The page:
In a previous blog, I demonstrated a program and macro that could identify all numeric variables set to a specific value, such as 999. This blog discusses an immensely useful technique that allows you to perform an operation on all numeric or all character variables in a SAS data set.
When I teach my Data Cleaning course, the last topic I cover in the two-day course is SAS Integrity Constraints. I find that most of the students, who are usually quite advanced programmers, have never heard of Integrity Constraints (abbreviated ICs). I decided a short discussion on this topic would
Wait! Don't close this window. I understand that regular expressions can be very complicated (yes, there are many books on the subject), but some basic expressions to test patterns such as zip codes or telephone numbers are not that difficult. In addition, you can sometimes use Google to search for
How many times have you entered a phone number on a web page, only to be told that you did not type it the "correct" form? I find that annoying. Don't you? In my latest book, Cody's Data Cleaning Techniques, 3rd edition, I show how to convert a phone number
There's an old song that starts out, "You Can Get Anything You Want at Alice's Restaurant." Well, maybe you are too young to know that song, but if you’re a SAS users, you’ll be glad to know that you can capture anything produced by any SAS procedure (even if the
What?!? You mean a period (.) isn't the only SAS numeric missing value? Well, there are 27 others: .A .B, to .Z and ._ (period underscore). Your first question might be: "Why would you need more than one missing value?" One situation where multiple missing values are useful involves survey data. Suppose
How many of you have been given a SAS data set with variables such as Age, Height, and Weight and some or all of them were stored as character values instead of numeric? Probably EVERYONE! Yes, we all know how to do the old "swap and drop" (rename and convert), but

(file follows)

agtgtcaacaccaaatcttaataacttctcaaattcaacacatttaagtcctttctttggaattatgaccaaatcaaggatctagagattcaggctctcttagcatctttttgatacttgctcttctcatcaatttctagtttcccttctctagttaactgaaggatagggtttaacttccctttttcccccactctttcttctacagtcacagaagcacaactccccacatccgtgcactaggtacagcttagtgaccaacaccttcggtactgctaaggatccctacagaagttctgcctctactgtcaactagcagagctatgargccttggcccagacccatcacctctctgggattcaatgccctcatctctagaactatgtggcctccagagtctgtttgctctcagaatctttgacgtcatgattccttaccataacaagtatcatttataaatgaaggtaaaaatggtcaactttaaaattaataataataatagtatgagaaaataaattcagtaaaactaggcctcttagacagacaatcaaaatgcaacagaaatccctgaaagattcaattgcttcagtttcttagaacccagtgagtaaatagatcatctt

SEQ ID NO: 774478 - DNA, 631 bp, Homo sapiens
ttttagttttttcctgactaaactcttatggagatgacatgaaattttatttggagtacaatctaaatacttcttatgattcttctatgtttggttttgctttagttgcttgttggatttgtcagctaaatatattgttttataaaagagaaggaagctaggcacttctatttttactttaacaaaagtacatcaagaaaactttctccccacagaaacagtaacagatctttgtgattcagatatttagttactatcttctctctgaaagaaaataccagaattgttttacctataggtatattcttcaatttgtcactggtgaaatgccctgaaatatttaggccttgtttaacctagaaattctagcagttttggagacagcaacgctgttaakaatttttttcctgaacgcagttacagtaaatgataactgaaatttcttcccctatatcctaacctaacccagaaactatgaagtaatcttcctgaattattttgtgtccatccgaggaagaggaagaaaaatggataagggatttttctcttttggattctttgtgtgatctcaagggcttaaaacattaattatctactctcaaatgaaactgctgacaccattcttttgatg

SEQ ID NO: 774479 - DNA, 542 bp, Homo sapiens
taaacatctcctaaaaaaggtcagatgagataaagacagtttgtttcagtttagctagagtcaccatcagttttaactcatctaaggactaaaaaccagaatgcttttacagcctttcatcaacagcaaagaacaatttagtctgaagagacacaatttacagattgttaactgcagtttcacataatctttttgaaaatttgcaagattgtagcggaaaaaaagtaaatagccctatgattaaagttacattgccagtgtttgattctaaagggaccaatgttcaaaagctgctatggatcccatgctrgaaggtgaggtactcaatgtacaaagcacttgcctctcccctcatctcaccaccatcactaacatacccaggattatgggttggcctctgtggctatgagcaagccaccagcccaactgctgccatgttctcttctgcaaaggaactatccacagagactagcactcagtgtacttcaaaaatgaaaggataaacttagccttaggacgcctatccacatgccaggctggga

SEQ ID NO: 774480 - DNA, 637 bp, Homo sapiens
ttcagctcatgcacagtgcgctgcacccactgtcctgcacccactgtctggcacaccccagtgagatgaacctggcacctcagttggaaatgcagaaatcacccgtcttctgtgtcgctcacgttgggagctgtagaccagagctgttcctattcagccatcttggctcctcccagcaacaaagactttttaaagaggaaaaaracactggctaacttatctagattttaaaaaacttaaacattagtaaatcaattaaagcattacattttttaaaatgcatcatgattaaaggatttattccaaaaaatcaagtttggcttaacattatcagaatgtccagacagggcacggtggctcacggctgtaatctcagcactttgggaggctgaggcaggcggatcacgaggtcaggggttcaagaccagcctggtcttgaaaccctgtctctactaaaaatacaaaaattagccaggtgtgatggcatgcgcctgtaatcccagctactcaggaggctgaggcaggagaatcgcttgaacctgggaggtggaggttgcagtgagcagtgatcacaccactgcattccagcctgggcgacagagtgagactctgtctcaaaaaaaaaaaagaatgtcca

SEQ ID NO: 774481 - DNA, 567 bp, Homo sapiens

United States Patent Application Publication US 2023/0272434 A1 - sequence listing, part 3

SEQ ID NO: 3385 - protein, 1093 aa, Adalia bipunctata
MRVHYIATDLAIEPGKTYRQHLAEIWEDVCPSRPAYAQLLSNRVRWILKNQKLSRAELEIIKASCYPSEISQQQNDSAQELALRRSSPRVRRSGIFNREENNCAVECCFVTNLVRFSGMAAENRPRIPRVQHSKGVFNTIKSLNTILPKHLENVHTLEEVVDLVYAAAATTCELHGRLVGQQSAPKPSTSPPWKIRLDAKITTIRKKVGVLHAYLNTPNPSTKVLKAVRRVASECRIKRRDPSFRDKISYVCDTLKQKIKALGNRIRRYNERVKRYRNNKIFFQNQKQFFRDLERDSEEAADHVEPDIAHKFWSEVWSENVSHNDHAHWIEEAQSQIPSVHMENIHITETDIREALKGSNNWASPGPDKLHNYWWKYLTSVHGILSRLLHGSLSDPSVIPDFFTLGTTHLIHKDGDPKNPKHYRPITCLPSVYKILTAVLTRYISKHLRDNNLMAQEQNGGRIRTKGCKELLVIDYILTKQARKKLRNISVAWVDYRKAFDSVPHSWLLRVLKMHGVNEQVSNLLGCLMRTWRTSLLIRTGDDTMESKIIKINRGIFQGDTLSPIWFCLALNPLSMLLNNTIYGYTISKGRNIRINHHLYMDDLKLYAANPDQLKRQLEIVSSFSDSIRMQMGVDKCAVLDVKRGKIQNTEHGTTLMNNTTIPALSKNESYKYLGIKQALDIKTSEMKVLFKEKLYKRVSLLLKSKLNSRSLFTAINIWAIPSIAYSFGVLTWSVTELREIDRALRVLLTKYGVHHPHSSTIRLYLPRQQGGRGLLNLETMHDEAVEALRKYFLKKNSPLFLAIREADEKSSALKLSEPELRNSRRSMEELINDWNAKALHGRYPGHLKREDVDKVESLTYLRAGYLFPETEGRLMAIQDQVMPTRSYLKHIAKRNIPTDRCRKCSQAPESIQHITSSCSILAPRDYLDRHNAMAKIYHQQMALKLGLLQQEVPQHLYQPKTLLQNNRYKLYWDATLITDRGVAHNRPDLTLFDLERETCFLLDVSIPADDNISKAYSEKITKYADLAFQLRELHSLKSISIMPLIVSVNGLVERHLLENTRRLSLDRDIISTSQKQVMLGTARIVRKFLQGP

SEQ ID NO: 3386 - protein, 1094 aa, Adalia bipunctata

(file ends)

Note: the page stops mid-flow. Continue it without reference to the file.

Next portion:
SAS temporary arrays are an underutilized jewel in the SAS toolbox. I find that many beginning to intermediate SAS programmers are not familiar with temporary arrays. The good news is that there is nothing complicated about them and they are very useful. First of all, what is a temporary array?
I often wonder how many people see the word "university" in the title "SAS University Edition" and think you have to be a university student to download this software. Please help me spread the word: Anyone can download the University Edition (as long as you’re using it for learning purposes),
Suppose you are using SAS Studio (perhaps with the University Edition) and the statistical task you need to perform is not a supported option or feature in SAS. I know that sounds almost impossible because the statistical tasks in SAS Studio are so awesome. But, just in case you need
It was about 30 years ago that I wrote my first book, Applied Statistics and the SAS® Programming Language. It was written on a PC with two floppy disk drives (one for the operating system, the other for my document) using a word processing software called WordStar. It was all